Alex Rodriguez hit a solid ground ball up the middle in the first inning, good for an RBI. Three batters later, Raul Ibanez came to the plate with the bases loaded. With just one out it felt like the Yanks could bust the game open against Dillon Gee and the Mets. Gee fell behind 2-0 with pitches outside and then threw two changes on the inside part of the plate. Ibanez swung through both of them, way out in front. Gee went back outside with the next pitch and got what he was looking for, namely, a ground ball. The Mets turned a double play and Gee cruised along until the sixth inning when Mark Teixeira lined a two-run home run to right field.
Teixeira hit a hanging breaking ball immediately after swinging through a fine breaking ball. The shot put the Yankees ahead, 3-2.
In the Yankee dugout, Rodriguez was pumped; Jeter was amused.
Terse and bland with reporters, but as we’ve said here before, Jeter never gets cheated in the fun department while he’s playing.
Anyway, the Mets scored their two runs on solo homers by Omar Quintanilla and David Wright.
Otherwise, Phil Hughes pitched well. Had a nice change-up mixed in with his curve and fastball. Allowed six hits and a couple of walks and struck out six. Gee’s line wasn’t flashy (five hits, three walks, three stikeouts) but he worked in-and-out–both pitchers took advantage of a wide strike zone–and pitched without incident until Teixeira’s blast.
Hughes gave up a base hit with one out in the seventh. Boone Logan relieved him and recorded an out thanks to a fine running catch by Curtis Grandreson. Corey Wade gave up a bloop base hit to Scott Hairston which put runners on the corners. Wade got ahead of Andres Torres 1-2 then missed with a fastball low and outside as Hairston stole second. The next pitch, a little higher, still outside, was lofted to Ibanez in left for the third out.
Gee stayed in the game and set the Yanks down in order in the seventh as I fretted about the eighth inning.
“Hon, we’re going to see Clay Rapada,” I told the wife, knowing that Lucas Duda and Daniel Murphy were scheduled to bat after Wright led off.
“Sure do miss Mo right about now,” I said, “Never mind Robertson.”
“Yeah, instead of feeling good, now we’ve got heart attack, gasp and stroke.”
Wade got Wright to ground out and then Rapada came in and retired Duda on a weak ground ball to Cano, and Murphy on a sharp grounder to Jeter.
And I was worried…(but wait, there’s still Soriano to go in the ninth. Doesn’t matter if he’s been perfect in save opportunities since taking over the closer role this year; I miss our security blanket. I miss Mo.)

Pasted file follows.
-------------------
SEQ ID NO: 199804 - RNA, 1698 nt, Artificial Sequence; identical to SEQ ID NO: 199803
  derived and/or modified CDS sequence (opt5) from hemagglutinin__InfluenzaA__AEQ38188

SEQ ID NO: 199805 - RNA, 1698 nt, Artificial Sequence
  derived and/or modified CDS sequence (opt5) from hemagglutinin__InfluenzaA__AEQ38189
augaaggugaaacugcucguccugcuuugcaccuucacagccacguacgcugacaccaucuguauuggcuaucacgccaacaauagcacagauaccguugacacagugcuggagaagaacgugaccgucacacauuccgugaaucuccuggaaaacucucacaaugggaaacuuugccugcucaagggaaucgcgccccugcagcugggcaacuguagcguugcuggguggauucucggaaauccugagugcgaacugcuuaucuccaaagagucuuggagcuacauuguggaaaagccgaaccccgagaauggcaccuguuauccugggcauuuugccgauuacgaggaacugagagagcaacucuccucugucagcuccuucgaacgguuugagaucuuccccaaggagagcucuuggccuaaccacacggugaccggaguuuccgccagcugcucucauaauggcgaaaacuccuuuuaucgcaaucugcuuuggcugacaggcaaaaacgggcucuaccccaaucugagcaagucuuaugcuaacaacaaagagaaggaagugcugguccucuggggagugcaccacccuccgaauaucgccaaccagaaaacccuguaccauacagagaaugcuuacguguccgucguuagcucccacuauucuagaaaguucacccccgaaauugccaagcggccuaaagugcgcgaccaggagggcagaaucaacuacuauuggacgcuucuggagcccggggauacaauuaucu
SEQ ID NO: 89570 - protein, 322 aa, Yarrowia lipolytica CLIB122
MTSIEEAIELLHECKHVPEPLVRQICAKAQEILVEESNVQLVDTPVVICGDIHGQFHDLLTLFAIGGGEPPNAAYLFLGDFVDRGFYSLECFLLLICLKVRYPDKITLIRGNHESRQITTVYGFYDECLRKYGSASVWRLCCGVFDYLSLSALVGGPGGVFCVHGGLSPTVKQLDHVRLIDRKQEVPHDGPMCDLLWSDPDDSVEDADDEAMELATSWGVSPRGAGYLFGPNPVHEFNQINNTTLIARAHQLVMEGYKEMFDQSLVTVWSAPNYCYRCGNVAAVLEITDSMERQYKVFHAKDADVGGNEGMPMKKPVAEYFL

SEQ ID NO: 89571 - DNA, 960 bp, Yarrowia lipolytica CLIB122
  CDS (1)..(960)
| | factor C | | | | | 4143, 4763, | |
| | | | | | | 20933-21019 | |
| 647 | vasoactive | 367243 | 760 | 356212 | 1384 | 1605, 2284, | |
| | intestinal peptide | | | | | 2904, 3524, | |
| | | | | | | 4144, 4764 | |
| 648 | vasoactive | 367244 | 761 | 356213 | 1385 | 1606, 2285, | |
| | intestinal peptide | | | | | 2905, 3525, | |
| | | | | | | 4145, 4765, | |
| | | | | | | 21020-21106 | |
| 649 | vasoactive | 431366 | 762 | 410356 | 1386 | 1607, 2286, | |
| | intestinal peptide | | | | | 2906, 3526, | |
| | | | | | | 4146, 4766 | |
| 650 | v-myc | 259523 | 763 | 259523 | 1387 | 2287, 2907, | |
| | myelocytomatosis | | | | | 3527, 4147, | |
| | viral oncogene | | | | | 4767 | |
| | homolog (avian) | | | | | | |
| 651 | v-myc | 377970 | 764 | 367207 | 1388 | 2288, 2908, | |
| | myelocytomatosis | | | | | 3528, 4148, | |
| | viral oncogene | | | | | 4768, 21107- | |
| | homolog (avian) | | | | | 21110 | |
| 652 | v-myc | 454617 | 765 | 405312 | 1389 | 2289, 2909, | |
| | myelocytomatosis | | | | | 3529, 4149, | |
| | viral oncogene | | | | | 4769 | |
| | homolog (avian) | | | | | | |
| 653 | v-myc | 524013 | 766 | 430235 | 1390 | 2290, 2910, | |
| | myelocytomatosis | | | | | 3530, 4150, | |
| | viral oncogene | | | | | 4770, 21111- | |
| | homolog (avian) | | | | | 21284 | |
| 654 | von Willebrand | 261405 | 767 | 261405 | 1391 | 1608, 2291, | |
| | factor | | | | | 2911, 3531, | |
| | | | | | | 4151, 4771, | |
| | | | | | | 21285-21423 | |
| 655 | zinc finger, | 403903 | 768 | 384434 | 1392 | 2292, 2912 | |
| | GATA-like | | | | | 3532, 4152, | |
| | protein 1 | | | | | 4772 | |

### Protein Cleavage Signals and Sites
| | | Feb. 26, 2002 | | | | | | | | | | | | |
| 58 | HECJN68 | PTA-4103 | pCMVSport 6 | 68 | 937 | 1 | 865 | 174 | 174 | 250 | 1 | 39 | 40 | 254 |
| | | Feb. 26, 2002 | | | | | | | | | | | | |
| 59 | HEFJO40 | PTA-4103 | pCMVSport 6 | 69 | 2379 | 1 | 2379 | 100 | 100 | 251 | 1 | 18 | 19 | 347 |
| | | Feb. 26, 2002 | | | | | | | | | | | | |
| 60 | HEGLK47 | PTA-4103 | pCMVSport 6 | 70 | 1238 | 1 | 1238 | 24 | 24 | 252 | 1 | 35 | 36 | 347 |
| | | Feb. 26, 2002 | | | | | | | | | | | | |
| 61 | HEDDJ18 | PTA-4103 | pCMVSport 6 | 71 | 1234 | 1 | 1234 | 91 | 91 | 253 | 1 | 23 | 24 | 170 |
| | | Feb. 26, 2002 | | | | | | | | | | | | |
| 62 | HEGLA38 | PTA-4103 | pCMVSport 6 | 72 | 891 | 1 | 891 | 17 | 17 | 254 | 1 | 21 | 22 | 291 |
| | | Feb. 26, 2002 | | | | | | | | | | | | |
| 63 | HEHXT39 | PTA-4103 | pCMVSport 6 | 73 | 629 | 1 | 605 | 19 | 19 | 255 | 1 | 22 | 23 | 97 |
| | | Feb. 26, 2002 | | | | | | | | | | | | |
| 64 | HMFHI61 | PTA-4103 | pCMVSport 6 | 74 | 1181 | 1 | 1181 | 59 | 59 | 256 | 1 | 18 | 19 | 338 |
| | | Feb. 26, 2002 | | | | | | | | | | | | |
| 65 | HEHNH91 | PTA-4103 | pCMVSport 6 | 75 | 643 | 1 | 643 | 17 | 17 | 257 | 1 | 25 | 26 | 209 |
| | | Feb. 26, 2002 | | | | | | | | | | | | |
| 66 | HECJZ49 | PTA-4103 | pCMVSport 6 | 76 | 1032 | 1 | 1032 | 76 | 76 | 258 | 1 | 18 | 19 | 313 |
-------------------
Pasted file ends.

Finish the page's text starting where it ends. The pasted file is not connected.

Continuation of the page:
Grandy soothed my delicate nerves when he homered off Bobby Parnell to lead off the eighth.
In the ninth, Soriano walked Ike Davis to start things off and my nerves were back to bullshit. Couple of pitches were outside, including the 3-1 pitch which would be okay if they hadn’t been called strikes all night long.
Jason Bay swung through a 93 mph fastball and then got under the next pitch, another fastball, and flew out to to Granderson for the first out. Josh Tole took ball one and then a called strike (worse than ball four to Davis). He hit a slow ground ball to Jeter on the next pitch, too slow for a double play. Jeter got the lead runner and the Mets were down to their last out.
Quintanilla took strike one on the outside corner, looked at strike two in the same spot, and then at another fastball, this one too far outside. Soriano shook off Russell Martin, went back outside with another heater, which Quintanilla fouled off. A slider, low, evened the count at 2-2, and then Quintanilla ripped a groundball (fastball, cock-high, right over the plate) up the middle. It hit off Soriano and scooted past Cano into the outfield. Thole took third and yeah, this one was getting too close for comfort.
Scott Hairston was next but Jordany Valdespin came to the plate as a pinch-hitterand took ball one, high and away. Breaking ball, first one by Soriano, outside but good for a called strike. The next pitch, a fastball right over the plate was hacked at and missed. Valdespin almost came out of his shoes trying to put the Mets ahead. He popped the next pitch innocently to left field and that was that: Game, Series, Yanks.
Final Score: Yanks 4, Mets 2.
[Photo Credit: Mike Stobe/Getty Images]